Writing, that powerful myth. The highest degree of distinction; how can it happen? How can the eye become progressively sensitive to reading, how can it get into the rhythm, the music; how can it be hurt – as if the light were bad – when a sentence doesn’t soar on strong wings? Nobody who emerges into the field of theory can do so without the soaring quill-feathers of writing. Althusser and his sentence about Mao Tse-Tung: ‘pure as the dawn’; Lévi-Strauss and his Latin prosopopoeia in all its imperial, Virgilian majesty. Lacan and his Greek, precious, baroque prosopopoeia. Derrida, or the transition to fiction. And a myriad of mediocre writings by junior masters diligently copying the rhetoric but without wings, serving up plucked chickens, birds with their breast-bones showing, naked animals.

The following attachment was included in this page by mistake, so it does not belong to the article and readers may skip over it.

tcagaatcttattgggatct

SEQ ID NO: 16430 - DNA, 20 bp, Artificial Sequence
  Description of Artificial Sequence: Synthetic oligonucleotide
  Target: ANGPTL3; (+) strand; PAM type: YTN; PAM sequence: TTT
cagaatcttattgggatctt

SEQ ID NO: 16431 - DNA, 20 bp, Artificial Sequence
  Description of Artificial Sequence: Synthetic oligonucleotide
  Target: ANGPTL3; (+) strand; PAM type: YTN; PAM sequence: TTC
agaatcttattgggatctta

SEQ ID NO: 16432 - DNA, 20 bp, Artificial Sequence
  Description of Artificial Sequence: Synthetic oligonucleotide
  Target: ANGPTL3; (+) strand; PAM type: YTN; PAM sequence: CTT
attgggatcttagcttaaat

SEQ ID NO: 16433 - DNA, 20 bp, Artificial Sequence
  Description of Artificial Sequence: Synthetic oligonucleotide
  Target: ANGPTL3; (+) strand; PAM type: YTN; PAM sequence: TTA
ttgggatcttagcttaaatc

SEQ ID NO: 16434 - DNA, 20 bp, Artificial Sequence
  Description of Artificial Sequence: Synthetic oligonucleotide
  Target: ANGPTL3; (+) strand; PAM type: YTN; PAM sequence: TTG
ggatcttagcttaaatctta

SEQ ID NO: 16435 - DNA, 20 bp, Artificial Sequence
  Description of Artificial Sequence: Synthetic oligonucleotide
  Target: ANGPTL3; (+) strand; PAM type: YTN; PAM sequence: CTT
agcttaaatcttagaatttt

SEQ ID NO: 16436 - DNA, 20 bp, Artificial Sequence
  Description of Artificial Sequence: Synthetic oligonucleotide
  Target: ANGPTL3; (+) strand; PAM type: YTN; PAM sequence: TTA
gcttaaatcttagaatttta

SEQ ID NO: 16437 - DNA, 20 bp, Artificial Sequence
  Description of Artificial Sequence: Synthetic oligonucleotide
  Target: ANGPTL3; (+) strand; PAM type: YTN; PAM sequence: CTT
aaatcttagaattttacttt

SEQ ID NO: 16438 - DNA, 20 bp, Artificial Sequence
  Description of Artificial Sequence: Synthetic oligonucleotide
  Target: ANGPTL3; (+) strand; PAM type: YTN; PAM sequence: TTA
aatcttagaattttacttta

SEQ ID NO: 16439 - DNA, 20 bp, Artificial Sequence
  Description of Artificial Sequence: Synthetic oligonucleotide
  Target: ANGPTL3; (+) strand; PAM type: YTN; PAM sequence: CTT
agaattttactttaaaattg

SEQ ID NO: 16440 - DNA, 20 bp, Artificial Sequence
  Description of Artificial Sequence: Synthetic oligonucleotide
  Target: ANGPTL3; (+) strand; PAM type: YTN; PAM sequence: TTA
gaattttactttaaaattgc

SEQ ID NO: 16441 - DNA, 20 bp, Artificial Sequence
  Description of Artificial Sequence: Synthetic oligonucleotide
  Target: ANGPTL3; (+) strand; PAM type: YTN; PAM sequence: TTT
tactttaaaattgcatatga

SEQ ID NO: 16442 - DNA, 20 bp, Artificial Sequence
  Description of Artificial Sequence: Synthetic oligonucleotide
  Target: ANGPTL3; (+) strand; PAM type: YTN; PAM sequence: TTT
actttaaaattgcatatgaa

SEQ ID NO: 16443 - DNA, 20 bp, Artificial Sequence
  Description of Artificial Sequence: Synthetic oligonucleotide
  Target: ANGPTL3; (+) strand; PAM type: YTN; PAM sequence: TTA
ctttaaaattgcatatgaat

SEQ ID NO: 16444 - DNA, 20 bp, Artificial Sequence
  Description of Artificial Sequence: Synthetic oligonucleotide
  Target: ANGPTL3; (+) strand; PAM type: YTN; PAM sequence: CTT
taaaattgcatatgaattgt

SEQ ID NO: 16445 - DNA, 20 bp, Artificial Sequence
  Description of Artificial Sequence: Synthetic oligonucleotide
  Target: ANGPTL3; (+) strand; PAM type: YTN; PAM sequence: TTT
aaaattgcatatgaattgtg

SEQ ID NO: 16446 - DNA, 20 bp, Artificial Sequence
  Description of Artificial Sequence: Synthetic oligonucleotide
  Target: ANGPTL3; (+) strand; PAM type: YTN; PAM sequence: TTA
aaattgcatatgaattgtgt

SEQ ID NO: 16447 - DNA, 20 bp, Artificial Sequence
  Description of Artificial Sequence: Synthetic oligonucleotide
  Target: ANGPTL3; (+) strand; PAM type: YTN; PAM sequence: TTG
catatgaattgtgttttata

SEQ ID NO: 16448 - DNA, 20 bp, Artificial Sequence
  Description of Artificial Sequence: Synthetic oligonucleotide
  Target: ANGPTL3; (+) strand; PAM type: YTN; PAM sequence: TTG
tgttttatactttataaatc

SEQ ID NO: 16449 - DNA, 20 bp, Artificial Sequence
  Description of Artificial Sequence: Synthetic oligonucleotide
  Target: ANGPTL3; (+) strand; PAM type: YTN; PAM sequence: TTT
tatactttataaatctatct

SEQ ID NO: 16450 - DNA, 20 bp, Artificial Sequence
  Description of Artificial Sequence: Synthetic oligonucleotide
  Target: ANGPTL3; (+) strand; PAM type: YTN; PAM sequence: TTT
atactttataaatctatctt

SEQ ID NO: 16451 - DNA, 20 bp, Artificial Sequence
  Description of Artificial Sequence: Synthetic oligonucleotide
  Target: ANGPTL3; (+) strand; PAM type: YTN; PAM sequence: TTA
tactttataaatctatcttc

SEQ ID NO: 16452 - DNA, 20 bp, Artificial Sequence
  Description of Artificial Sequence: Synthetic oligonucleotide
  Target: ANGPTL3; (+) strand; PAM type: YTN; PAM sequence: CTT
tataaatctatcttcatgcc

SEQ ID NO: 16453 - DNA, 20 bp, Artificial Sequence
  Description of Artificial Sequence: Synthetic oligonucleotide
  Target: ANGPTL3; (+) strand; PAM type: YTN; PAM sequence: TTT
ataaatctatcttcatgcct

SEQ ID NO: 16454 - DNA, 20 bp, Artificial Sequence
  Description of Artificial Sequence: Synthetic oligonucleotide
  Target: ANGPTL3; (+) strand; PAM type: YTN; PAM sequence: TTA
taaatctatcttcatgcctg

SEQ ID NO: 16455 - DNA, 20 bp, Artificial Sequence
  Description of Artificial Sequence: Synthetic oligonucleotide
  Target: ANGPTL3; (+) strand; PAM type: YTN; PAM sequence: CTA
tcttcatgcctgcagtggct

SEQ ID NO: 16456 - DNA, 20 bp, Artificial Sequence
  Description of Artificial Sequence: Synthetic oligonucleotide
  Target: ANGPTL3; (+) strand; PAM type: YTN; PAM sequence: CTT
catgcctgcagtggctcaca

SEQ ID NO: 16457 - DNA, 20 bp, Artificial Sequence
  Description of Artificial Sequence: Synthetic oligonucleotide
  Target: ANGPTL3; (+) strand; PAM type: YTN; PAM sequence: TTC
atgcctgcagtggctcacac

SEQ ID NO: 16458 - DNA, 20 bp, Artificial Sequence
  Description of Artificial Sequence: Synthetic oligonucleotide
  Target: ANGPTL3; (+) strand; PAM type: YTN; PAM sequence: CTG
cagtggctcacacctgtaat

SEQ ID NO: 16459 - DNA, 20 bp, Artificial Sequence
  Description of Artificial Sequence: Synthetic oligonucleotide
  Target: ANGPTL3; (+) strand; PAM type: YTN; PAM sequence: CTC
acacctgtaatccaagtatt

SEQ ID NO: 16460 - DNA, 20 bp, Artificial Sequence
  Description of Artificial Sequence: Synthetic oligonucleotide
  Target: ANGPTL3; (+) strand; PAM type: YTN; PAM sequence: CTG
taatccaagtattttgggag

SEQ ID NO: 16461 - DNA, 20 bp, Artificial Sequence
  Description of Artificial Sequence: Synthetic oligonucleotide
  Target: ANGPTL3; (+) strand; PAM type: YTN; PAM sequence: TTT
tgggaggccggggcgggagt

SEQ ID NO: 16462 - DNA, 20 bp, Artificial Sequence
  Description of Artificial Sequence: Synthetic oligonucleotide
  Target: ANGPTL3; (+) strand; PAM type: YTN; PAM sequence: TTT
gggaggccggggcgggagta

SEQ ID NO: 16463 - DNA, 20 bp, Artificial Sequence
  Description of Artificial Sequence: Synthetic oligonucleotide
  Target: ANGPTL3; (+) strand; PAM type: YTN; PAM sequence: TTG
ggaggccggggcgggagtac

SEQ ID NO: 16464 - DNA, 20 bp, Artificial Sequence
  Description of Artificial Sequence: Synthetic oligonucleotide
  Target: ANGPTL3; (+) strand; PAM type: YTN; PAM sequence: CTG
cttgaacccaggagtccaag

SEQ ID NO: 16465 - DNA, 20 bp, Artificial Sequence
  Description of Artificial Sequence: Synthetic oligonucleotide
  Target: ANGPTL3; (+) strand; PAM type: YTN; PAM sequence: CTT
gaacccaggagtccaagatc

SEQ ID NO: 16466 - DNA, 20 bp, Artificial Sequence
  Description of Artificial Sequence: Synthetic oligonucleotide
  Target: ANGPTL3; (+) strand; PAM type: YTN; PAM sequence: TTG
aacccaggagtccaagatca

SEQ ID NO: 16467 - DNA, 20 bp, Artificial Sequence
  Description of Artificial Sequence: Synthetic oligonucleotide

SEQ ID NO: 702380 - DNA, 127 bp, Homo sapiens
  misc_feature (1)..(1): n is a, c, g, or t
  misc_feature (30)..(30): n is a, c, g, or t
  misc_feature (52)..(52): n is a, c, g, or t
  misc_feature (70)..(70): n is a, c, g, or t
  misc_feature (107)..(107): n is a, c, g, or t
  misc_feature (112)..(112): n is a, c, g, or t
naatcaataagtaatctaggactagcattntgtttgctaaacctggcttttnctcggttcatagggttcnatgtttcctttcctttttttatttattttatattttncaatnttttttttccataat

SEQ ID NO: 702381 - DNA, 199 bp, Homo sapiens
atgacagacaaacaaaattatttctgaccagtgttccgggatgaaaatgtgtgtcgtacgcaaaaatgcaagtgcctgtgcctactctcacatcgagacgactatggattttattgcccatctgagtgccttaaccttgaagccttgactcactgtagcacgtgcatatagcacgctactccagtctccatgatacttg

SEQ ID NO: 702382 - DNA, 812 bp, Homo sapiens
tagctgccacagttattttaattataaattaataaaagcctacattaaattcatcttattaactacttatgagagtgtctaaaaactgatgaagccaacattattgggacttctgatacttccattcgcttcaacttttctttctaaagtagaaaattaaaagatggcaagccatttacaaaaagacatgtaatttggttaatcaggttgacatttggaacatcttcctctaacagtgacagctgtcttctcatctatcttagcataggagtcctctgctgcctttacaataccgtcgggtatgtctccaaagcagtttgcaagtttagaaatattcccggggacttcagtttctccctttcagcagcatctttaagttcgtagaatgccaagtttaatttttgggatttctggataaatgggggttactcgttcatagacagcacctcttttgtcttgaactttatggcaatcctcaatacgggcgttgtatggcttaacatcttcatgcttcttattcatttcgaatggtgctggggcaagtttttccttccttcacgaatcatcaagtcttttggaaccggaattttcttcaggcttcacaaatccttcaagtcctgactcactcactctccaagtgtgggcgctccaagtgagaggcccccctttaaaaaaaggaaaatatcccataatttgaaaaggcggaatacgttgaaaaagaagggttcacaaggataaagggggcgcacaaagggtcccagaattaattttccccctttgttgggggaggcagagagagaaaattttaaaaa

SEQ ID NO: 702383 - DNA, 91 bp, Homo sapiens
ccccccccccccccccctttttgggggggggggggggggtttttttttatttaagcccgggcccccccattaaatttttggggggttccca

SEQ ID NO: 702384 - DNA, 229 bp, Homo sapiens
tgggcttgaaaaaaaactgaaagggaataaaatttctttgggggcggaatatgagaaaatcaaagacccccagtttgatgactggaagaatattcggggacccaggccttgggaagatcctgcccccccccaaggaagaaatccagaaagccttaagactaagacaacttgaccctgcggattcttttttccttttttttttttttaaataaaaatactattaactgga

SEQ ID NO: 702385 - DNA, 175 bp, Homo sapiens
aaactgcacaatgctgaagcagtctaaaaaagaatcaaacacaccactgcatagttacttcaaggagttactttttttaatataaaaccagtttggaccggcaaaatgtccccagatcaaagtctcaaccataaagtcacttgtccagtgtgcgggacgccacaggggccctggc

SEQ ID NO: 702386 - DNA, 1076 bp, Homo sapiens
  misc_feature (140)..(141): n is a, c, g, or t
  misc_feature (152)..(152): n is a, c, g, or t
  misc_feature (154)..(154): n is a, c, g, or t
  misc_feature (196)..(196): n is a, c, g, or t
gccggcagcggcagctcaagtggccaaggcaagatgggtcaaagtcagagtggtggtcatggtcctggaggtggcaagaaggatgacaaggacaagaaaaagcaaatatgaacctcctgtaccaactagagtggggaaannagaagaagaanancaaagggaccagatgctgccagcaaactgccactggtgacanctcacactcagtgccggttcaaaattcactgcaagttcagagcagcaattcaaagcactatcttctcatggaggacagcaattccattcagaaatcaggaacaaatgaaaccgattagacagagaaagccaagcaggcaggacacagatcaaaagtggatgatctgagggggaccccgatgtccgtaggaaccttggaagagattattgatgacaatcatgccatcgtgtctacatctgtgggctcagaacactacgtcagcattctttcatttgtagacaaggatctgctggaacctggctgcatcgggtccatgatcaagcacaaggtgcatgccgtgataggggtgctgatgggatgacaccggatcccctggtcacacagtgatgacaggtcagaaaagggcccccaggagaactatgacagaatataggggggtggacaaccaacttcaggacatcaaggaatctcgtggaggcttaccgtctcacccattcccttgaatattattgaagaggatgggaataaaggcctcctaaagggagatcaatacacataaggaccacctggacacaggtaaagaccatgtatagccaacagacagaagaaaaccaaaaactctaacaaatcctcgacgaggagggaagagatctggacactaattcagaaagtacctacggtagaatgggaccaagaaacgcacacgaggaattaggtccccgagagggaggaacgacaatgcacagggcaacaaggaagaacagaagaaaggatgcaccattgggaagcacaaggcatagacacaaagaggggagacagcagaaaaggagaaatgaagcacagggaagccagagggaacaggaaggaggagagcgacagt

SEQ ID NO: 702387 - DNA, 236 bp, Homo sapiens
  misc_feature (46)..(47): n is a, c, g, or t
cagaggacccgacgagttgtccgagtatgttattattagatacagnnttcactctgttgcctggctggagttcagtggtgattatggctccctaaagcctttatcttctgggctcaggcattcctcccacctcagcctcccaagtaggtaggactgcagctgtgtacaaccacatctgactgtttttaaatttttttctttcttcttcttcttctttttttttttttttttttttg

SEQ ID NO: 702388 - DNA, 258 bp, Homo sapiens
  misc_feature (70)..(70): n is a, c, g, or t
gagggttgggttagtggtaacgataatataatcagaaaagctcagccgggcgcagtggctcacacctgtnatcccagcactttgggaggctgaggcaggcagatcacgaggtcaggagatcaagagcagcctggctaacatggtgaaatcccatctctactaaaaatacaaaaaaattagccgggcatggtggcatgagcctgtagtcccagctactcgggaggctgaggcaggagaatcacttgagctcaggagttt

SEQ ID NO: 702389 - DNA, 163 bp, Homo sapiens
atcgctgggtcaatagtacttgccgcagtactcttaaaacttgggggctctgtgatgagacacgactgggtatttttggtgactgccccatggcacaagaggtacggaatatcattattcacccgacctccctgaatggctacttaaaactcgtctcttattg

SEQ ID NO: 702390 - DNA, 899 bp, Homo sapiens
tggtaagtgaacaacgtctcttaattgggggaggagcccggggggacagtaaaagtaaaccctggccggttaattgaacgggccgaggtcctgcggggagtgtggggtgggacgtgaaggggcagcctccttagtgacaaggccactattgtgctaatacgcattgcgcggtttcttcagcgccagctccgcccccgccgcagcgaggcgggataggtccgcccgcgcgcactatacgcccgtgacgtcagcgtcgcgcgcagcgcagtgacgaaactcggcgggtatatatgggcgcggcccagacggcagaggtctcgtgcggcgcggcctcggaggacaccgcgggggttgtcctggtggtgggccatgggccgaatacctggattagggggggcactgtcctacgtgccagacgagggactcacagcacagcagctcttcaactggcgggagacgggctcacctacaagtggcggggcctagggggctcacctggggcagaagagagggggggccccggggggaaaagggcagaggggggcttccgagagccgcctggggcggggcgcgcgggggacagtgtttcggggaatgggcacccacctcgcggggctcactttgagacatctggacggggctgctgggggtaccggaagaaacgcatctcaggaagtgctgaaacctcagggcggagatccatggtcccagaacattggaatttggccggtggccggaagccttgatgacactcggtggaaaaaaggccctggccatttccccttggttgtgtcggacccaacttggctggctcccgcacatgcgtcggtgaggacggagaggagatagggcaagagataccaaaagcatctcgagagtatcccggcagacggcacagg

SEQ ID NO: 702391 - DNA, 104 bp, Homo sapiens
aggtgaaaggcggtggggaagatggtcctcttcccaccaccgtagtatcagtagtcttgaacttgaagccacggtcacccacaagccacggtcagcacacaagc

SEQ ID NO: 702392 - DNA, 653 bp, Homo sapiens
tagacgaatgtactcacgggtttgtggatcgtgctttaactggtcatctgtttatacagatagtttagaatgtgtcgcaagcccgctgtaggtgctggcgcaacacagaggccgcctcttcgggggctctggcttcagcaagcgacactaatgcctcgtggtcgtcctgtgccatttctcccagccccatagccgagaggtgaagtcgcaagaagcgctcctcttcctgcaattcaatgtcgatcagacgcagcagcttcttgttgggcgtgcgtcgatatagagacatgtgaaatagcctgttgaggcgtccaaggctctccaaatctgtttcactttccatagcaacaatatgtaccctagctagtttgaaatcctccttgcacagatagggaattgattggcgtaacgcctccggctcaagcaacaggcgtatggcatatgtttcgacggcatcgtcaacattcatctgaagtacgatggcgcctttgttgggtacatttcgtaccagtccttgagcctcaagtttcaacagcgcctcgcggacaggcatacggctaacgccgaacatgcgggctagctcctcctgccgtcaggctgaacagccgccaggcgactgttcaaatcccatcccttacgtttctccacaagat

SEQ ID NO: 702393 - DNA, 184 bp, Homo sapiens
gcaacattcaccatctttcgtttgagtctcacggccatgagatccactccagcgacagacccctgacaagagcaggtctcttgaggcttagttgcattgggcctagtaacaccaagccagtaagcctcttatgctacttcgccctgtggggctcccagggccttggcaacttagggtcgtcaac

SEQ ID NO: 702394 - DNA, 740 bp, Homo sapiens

—Catherine Clément (The Weary Sons of Freud, p. 46)